The snowfall that occurred on Saturday night was modest, maybe an inch. But the air temperatures have remained cold and the snow that fell is still on the ground. The roads were ice covered and treacherous on Sunday morning and many still have some ice cover. The areas exposed to direct sunshine have cleared, especially on the well-travelled, major highways. But expect to find icy patches on most of the smaller county roads, even the paved ones.
The air temperatures are predicted to remain below freezing for the rest of this week and there's no sunshine in the outlook until Friday, if the forecast holds true.
That means that my outlook for first ice is on track, so we may just as well embrace winter and prepare for the ice fishing season; let's start with this.
"A shout echoes unanswered across the barren icepack of Minnesota’s massive Upper Red Lake. It’s hardly a call for help, much less a greeting. It’s veteran walleye guide Jonny Petrowske, proving a point about getting away from the crowd to corral first-ice ’eyes.
“If I yell at the top of my lungs and no one hears me, I’m far enough away from other anglers,” he grins.
Petrowske says that even aggressive walleyes get skittish when clamorous hordes of winter warriors overrun the ice. Since the only reply to his thunderous vociferations was ..." Read Article >> Red Lake First-Freeze Walleyes
Wintery colors of the sky, the cold, gusty wind and the sign outside of the Mr. Big Motel that said "Vacancy". It all added up; all of the indicators are pointing toward an early start to winter and as if that wasn't enough to remind me, this morning there is an inch of new snow lying outside my office window.
Luckily, that means that just on the other side of this wall of wintery air, there's another hectic season of ice fishing ready to begin.
Since the existence of Mr. Big is questionable this year anyway, and since the weather forecast predicts below freezing daytime highs for the entire week, I think that it's time to signal the countdown.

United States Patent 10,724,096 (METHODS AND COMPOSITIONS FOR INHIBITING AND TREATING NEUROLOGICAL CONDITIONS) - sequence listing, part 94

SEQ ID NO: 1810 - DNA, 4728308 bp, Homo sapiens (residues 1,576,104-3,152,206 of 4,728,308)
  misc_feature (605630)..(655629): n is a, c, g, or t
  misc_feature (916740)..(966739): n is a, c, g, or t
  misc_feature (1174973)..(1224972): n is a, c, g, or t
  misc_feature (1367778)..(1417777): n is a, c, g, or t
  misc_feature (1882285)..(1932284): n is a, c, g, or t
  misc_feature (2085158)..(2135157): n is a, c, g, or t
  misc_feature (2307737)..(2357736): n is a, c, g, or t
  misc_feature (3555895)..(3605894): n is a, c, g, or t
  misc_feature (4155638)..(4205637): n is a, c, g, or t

So, since somebody has to make a prediction, I'll volunteer. Sound the trumpet fanfare Ta tat da da ... I think that there will be reports about anglers on the ice before Thanksgiving Day.
Yes, I KNOW, that's less than 3 weeks away and don't blink, those days are going to zip by in a hurry. Sharpen the auger, find your cleats and get your ice line spooled up. I think that we'll be hoofin it to the Walleye hole before you can say pass the Turkey!
Dale Schroeder wrote; "Jeff, just a quick note to say thanks for the tip on using ice fishing methods for late season crappie.
I know that our open water season is about over, but it made the late fall a lot of fun for me. Thanks again, Dale
A) Thank You Dale. I'm glad that those lures worked as well for you as the did for me this fall. With the ice season just around the corner, I'll be stocking up on Lindy's ice lures myself tomorrow.
... isn't all that hard to do. Especially when you're one of the hundreds of "Blow-Hard" politicians who's only notion of what happens in the real world is spoon fed straight into your brain from the lips of paid lobbyists like the ones who push ethanol as the solution to the world's climate issues.
I Know that ranting and raving won't do me any good, so I won't. But I am going to show you a few pictures; photos that show what's happening to wild bird habitat all over the Midwestern prairie. But first, let me make a simple point about how we view our natural resources.
People all over this country are motivated to do what best serves the economic needs of their families. Farmers, like all of us, make the best choices that they can and whether guys like me like it or not, they will do whatever best suits their own familie's economic needs.
Whenever you hear politicians or bloviating talking heads on TV talk about programs like the Conservation Reserve Program (CRP), you may hear them say something like; "We are paying farmers not to grow crops"; they make it sound like all those guys have to do is sit around and rake in the cash for doing nothing.
The only way for that to be true is if you follow the belief that there is only one way for a farmer to produce a valuable crop. I think that they are missing the point; I believe that there are other crops of value besides corn and grain. Do me a favor; think about it this way for a minute.
On the surface, programs like the CRP could seem like nothing more than a way to pay farmers for not growing crops. But if you recognize that there are other kinds of crops besides corn, hay and grains, then the statistics are free to tell a different story.